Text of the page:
On February 1, 1958, he married Teresa Lozano. Shortly after, Long was employed by the State Securities Board as an investigator, investigating securities fraud throughout the state of Texas. He successfully participated in the first criminal prosecution under the new securities law in Plainview, Texas, in 1959, and was made chief of the Enforcement Division of the State Securities Board in that year. In February 1961, due to the illness of his father-in-law, he left the State Securities Board to operate a farming and dairy business owned by his wife’s family. He successfully operated this business for 18 months and returned to the practice of law upon the recovery of his father-in-law.
In 1963 he joined the Office of the Attorney General as an assistant attorney general in the Bond, Insurance, and Banking Division. In 1964, he was made chief of the Bond, Banking, and Insurance Division. In 1965, Long entered the private practice of law in Austin, specializing in administrative law, principally in the areas of banking and savings and loan law. For two years he was a sole practitioner and thereafter was a member of several partnerships, ultimately organizing his own law firm and continuing his specialized law practice until 1988. He continued to handle trial and appellate work in the area of banking and savings and loan law, as well as representing clients before the various regulatory bodies governing banks and savings and loan.
In 1968 he was part of a group that organized two banks in Austin, First State Bank and Community National Bank. Ultimately, he became chairman of both banks and bought control of both banks. These banks continued to operate as separate entities until 1989 with Long serving as chairman of both banks. In 1988, during a period of economic upheaval in Texas, the two banks in which Long was the principal owner were able to acquire seven banks which failed in the Austin area, and ultimately all were combined in 1989 under the name First State Bank. Long ceased to practice law and served as chairman and chief executive officer of First State Bank from 1989 to August 31, 1998, when the bank was sold to Norwest Corporation, now Wells Fargo Corporation. When First State Bank was sold it had over $620 million in assets and forty-seven branch offices scattered throughout Texas. He worked as a consultant to Wells Fargo for two years until August 31, 2000. Since that time he has overseen his private business affairs and has spent much of his time in philanthropic activities with several colleges and universities in Texas, as well as with several nonprofit corporations.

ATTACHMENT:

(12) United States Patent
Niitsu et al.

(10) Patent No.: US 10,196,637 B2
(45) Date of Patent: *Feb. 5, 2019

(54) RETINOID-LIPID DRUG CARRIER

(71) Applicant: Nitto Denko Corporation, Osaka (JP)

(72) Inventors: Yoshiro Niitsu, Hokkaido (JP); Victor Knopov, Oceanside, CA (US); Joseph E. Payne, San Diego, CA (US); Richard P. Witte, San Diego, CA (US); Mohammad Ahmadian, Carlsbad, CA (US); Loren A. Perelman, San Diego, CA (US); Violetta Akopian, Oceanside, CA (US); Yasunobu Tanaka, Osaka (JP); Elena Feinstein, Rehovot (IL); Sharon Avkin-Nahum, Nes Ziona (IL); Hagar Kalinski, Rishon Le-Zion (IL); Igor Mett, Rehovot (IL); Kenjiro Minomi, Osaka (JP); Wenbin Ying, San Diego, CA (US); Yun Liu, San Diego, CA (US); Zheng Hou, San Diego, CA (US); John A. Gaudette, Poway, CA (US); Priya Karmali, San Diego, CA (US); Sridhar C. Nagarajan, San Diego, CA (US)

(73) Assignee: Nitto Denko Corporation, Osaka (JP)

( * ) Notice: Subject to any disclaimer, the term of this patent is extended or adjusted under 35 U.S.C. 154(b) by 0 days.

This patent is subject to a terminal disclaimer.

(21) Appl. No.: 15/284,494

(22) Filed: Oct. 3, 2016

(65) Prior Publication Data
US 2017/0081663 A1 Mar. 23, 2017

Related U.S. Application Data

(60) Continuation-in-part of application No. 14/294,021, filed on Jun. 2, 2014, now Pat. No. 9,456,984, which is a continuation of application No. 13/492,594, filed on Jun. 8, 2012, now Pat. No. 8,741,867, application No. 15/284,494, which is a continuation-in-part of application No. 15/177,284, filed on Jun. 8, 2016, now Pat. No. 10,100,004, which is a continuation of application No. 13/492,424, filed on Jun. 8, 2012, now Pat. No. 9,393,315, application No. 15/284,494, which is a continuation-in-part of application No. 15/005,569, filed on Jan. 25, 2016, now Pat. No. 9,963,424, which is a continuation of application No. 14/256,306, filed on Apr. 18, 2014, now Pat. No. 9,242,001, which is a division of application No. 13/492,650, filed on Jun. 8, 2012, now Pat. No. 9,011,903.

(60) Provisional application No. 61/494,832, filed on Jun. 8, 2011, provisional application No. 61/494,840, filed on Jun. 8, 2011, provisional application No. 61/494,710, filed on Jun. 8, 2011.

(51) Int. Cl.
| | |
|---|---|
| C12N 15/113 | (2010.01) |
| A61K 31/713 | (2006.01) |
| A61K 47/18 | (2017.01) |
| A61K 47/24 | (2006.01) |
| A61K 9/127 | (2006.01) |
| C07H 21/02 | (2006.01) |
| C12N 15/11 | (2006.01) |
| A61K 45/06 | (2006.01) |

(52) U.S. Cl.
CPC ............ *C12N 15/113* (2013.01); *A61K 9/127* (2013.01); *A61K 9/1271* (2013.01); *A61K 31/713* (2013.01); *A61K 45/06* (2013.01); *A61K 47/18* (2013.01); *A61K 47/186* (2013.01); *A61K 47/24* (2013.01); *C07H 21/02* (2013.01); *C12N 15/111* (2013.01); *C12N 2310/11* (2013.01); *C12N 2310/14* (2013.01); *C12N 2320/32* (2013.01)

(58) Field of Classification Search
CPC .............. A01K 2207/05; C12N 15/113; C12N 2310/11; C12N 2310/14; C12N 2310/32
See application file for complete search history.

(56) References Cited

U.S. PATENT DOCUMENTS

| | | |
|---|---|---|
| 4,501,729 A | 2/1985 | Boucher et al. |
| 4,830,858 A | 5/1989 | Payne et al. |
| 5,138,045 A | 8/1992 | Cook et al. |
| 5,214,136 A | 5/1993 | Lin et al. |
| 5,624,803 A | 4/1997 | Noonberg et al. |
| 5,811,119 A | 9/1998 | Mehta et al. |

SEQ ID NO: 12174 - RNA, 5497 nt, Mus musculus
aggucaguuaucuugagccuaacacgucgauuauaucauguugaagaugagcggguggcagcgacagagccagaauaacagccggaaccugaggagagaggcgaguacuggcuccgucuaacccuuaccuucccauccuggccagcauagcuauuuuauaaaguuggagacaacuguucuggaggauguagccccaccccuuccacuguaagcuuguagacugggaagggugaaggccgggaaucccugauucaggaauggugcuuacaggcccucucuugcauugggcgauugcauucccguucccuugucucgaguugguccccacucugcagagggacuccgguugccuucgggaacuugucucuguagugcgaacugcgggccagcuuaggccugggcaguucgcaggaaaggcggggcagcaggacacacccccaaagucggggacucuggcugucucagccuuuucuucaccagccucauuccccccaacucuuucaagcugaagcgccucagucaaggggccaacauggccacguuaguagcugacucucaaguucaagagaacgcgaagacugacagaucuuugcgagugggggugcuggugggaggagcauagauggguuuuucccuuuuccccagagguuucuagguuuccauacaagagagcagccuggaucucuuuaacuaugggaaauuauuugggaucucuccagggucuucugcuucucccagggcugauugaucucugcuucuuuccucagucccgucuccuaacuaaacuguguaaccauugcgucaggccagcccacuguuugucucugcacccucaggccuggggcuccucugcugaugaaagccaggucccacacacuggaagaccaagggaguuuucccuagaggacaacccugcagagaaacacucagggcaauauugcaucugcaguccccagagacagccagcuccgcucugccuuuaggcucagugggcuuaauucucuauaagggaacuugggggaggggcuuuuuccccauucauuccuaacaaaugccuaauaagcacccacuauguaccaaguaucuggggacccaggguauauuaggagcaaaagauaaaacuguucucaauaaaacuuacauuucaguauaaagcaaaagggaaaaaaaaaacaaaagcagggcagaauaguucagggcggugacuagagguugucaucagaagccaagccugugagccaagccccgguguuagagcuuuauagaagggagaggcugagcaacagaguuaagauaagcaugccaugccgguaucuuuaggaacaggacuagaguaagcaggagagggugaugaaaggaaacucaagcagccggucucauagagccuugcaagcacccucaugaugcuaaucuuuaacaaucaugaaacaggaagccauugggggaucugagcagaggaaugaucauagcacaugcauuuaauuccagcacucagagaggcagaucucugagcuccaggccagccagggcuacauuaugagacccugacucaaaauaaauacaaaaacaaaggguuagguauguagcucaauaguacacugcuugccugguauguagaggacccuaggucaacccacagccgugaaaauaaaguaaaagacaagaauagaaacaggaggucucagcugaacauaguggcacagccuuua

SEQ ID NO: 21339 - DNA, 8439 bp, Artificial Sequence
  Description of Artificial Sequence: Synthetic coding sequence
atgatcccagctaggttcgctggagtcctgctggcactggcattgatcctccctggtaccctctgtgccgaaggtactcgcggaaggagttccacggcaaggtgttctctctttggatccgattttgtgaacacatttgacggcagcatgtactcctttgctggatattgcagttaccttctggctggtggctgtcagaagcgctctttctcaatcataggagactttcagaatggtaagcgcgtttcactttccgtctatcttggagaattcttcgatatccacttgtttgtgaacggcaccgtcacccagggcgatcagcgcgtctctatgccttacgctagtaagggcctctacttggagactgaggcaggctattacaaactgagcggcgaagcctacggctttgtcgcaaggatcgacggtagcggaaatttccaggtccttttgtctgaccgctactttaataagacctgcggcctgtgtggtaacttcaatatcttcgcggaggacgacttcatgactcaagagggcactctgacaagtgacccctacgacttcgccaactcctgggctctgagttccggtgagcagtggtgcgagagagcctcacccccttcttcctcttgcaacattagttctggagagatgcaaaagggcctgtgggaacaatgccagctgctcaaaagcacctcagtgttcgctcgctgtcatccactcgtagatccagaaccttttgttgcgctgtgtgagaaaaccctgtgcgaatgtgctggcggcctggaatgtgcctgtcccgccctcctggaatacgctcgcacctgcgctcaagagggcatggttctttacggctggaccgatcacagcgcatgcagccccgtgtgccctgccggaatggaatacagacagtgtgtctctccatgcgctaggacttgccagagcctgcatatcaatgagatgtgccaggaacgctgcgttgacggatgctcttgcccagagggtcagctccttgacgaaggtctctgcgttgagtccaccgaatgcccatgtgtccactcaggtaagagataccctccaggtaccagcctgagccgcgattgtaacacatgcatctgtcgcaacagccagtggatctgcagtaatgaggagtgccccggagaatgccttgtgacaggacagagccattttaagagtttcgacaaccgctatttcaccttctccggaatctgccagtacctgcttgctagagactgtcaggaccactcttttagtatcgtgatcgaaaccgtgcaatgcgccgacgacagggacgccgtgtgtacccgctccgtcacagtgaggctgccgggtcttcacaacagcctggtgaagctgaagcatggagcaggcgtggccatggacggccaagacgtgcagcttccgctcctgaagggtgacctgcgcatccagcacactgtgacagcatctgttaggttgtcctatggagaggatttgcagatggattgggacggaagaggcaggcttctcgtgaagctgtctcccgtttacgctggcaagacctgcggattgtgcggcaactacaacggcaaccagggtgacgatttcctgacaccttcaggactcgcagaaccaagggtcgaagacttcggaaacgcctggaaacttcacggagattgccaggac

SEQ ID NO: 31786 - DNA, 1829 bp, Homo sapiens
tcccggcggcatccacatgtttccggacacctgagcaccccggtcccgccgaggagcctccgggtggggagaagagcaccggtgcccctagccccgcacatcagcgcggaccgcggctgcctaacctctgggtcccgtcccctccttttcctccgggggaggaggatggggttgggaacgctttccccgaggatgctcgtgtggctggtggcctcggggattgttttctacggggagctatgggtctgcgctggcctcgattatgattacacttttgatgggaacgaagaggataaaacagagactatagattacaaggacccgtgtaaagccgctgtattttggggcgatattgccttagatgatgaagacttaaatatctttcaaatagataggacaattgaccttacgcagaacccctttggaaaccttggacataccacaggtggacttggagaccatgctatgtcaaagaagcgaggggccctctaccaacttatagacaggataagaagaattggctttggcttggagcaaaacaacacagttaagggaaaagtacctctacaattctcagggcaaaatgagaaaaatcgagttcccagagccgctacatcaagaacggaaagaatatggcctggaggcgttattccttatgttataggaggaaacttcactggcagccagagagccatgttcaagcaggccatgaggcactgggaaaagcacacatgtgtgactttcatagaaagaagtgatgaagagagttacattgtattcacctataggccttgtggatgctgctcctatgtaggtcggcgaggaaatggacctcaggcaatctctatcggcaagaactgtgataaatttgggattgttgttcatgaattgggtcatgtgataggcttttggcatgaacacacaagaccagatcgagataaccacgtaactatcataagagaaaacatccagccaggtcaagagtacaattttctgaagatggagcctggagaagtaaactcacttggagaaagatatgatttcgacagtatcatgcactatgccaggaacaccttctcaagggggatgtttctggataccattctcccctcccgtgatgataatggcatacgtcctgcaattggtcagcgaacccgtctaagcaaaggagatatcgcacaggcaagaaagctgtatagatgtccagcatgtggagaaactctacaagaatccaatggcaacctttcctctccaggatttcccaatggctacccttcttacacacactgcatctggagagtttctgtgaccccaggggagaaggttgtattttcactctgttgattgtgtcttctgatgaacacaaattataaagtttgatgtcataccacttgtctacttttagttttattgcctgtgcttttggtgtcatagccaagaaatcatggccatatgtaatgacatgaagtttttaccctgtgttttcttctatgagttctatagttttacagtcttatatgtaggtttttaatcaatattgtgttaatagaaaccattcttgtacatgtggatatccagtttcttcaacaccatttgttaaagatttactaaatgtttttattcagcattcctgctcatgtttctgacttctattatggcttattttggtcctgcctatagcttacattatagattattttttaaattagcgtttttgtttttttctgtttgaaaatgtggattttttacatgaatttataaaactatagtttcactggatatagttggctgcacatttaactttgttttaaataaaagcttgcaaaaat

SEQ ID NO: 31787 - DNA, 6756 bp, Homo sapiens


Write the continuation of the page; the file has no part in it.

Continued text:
Mr. and Mrs. Long have a keen interest in Latin America and Latin American affairs. Among their recent philanthropic activities they endowed the Institute of Latin American Studies at the University of Texas at Austin with a ten million–dollar gift, the income of which will be used principally for scholarships for graduate and undergraduate students and supplemental pay for faculty members who specialize in Latin American history, politics, government, art, and history.
Dick DeGuerin, ’65
Honorary Order of the Coif
Dick DeGuerin graduated from the Law School in 1965. He started his law career as an assistant district attorney, moved on to work as a trial associate with Butler, Binion, Rice, Cook & Knapp, and then launched an outstanding career in criminal defense. In 1971, DeGuerin associated himself with the notable Percy Foreman’s firm, where DeGuerin’s brother, Mike, also landed. After a successful tenure with Foreman, DeGuerin went on to create his own law firm with Lewis Dickson, another protégé of Foreman’s. The law firm of DeGuerin & Dickson became one of the leading and most well respected criminal defense law firms in Houston. The firm has recently taken on a new name, DeGuerin, Dickson, Hennessy & Ward.
He has several published works and was the first attorney to bring a Hyde Amendment case. DeGuerin enjoys a widely varied practice in both state and federal trials and appeals. In practice for forty-eight years, he has successfully defended a variety of clients, including doctors, lawyers, judges and politicians, as well as people accused of murder, smuggling, money laundering, and white-collar crime. He is consistently named among the top criminal lawyers in the nation.
DeGuerin has been an adjunct professor teaching Advanced Criminal Law at the Law School since 1994. He and his wife, Janie, spend their time between Houston, their ranch in Burton, and home in Marfa, Texas.